Deep Design: Daniel Thomson on Surfboards, Physics and Simmons

Dan Thomson putting it on a rail. Photo courtesy of Tomo Surfboards.

Daniel Thomson of Tomo Surboards is a young and innovative surfer who is part of a core group of San Diego shapers pushing the edge of design and development to move surfing to the next level. He has been affiliated with Richard Kenvin’s Hydrodynamica project that is based on the influence and theories of San Diego’s legendary surfing innovator Bob Simmons.

Serge Dedina: Why did you starting shaping surfboards? And what is it about creating surfboards that you love?

Daniel Thomson: I was fortunate enough to grow up in a surfing family so I pretty much have been surfing since I can remember. My dad (Mark Thomson) is a respected shaper in Australia so ever since he made me my first board, I was involved in the shaping process. As I evolved as a surfer, my desire to shape more specialized equipment became apparent so I continued to follow my passion for exploring the connection between creative art specialized for performance surfing.

Dedina: Who are your shaping and surfing influences?

Thomson: My dad obviously. George Greenough was a family friend during my younger years so his work definitely made an imprint on me.  More recently the work of Bob Simmons uncovered by the research of Richard Kenvin has been inspiring. Also, I like to look outside of surfing for inspiration: modern aviation, quantum physics and the universe challenge the mind to think deeper for new ideas.

Carl Eckstrom and Daniel Thomson at the Hydronamica opening in San Diego earlier this year.

Dedina: How did you end up shaping and surfing in San Diego?

Thomson: After making a few trips out to San Diego from 2004-2010, I realized that the market for progressive designs was stronger in California. Also, I was ready for a change of pace in my life.

Dedina: Your boards have been associated with the hydrodynamic theory and movement espoused by Richard Kenvin that was directly influenced by the design of Bob Simmons? How did you interest in the legacy of Simmons and the partnership with Kenvin occur?

Thomson: Richard was visiting in Australia back in 2003 on one of his first Hydrodynamica missions. He was looking to connect with Dave Rastovich.

In hope that he would be able to film him riding some of the keel fin fish boards he had brought over, Richard tracked down my dad as a support filmer and naturally my dad suggested to Richard that ‘I give these fishes a go.’

A few sessions later, we had some awesome footage of Rasta and me riding these boards. After that I kept in close contact with RK and continued my natural progression in refining the fish design.

Dedina: What are the types of surfboards you are shaping now and specifically what are the designs that you see working best in Southern California?

Thomson: Generally all my boards are fairly suited to California because of the straighter curves and wider tails. The boards that I am currently most excited about are my new Next Generation Modern Planing Hulls (MPH).

They are basically 21st century adaptations of the original Bob Simmons plaining hulls mixed with wakeboards technology. They seem to be very functional designs with a whole bunch of potential to be seen as an apex high performance design in the future.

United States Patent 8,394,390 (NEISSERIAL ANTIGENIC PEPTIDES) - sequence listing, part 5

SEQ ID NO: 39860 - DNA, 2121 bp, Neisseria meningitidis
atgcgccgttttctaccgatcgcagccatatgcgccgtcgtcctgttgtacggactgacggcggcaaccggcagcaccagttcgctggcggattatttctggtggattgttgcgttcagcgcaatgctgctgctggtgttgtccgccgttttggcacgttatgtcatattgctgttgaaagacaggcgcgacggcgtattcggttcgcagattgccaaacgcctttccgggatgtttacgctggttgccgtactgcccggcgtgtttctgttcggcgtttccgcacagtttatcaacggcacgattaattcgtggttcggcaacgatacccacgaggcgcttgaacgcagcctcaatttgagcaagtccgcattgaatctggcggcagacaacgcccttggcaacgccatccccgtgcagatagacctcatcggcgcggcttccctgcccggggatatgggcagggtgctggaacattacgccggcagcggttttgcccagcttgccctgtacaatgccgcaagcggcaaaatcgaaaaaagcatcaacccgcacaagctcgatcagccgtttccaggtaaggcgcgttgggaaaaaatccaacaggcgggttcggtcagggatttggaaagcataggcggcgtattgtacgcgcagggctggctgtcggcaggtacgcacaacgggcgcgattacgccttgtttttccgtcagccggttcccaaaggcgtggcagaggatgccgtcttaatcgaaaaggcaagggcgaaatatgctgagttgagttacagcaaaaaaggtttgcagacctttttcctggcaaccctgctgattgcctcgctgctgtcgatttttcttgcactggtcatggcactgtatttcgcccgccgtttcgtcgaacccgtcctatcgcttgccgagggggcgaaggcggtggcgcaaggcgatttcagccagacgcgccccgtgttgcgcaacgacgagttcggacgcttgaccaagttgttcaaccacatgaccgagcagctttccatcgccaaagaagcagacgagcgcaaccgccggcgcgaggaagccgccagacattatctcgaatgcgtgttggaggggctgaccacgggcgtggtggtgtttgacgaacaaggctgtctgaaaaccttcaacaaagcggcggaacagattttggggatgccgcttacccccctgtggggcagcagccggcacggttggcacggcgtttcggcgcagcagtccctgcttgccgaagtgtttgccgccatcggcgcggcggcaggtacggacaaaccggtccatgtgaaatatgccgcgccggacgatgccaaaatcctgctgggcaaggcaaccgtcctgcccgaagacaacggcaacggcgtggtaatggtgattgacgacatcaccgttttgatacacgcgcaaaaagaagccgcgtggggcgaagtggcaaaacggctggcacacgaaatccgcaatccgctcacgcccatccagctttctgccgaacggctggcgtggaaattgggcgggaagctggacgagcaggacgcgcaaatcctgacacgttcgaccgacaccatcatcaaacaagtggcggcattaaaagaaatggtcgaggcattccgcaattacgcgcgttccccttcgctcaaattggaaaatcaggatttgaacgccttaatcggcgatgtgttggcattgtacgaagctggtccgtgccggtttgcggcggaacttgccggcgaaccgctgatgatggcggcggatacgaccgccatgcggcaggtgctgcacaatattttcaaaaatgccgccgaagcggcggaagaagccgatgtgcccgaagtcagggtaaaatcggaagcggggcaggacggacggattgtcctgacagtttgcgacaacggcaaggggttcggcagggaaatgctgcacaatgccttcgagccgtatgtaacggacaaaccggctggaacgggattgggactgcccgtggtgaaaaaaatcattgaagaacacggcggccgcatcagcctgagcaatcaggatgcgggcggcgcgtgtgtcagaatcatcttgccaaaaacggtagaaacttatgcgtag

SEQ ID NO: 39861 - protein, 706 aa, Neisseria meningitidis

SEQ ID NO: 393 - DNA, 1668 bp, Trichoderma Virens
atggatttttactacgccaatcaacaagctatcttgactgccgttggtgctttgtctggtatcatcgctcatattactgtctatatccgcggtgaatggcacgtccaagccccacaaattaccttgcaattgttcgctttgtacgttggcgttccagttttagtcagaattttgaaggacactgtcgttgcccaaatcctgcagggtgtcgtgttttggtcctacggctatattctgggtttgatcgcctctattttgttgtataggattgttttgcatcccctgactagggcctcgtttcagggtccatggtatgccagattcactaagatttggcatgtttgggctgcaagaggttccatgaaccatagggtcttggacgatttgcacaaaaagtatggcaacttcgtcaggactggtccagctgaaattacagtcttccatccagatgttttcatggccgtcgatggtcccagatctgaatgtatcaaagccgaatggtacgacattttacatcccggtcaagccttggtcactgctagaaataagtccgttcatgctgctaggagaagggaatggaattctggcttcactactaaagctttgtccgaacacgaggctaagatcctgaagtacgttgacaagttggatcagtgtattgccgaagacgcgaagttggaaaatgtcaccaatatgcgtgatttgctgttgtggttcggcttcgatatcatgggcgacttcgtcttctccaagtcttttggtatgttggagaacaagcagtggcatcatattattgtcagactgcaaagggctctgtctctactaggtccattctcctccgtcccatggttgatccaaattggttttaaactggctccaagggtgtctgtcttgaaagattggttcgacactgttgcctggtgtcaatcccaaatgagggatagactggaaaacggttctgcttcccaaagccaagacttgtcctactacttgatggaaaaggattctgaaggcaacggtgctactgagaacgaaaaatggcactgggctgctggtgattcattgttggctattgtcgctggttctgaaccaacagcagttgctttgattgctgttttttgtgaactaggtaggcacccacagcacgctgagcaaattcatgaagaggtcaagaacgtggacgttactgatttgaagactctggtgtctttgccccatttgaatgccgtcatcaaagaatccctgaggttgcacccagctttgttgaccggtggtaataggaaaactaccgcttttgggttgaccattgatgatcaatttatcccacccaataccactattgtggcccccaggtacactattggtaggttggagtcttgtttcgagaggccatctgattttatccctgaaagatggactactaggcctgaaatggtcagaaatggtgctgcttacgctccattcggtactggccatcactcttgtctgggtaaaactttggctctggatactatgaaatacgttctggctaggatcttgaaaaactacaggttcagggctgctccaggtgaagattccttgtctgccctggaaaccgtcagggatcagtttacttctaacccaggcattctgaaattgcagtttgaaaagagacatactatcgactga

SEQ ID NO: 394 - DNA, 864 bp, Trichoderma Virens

One of Dan’s Simmon’s inspired planing hulls.

Dedina: Explain what the hydrodynamic principle means for surfboard design and surfing in general?

Thomson: Broadly speaking, you can apply some sort of hydrodynamic principle to any surfboard. More specially describing a hydrodynamic planning hull is a board designed to minimize drag through several different streamlining methods including utilizing a parallel rail line from nose to tail with a wider nose tail profile and straight-line fin placements

Dedina: What materials are you working with right now?

Thomson: I have always been a firm believer in epoxy resin for its strength, durabilty and flex memory. I am currently working with XTR (closed cell styrofoam) Epoxy and several applications of vacuum bag carbon fiber.

Dedina: You are shaping boards for WQS surfer Stu Kennedy. How did that relationship come about and how do you work with him in terms of giving and receiving feedback?

Stu Kennedy with his Tomo quiver. Photo courtesy Tomo Surfboards.

Thomson: Stu has been a close friend from my hometown of Lennox Head so I have shaped for him quite a bit in the past. When I was home visiting in March, I showed Stu some of the latest boards. He was pretty blown away on how they surfed, and he has barely set foot on a regular short board since he tried one.

Since I shaped him a new quiver of the MPH’s he has been dedicated to riding them in high-level completion as he feels he can achieve his best performances on these boards. He recently placed 9th in the 6 star WQS in England and a 17th in the U.S Open of Surfing in Huntington Beach.

Dedina: Are most pro surfers too conservative with the boards they are riding?

Thomson: Most definitely. The cutthroat nature of competition doesn’t nurture experimentation. Most elite surfers have grown up there whole lives riding one style of design and is not confident riding something unorthodox. Most are jaded to the fact that there could be a left field design out there capable of performing better, so they tend not to have faith in something new. Things are changing though.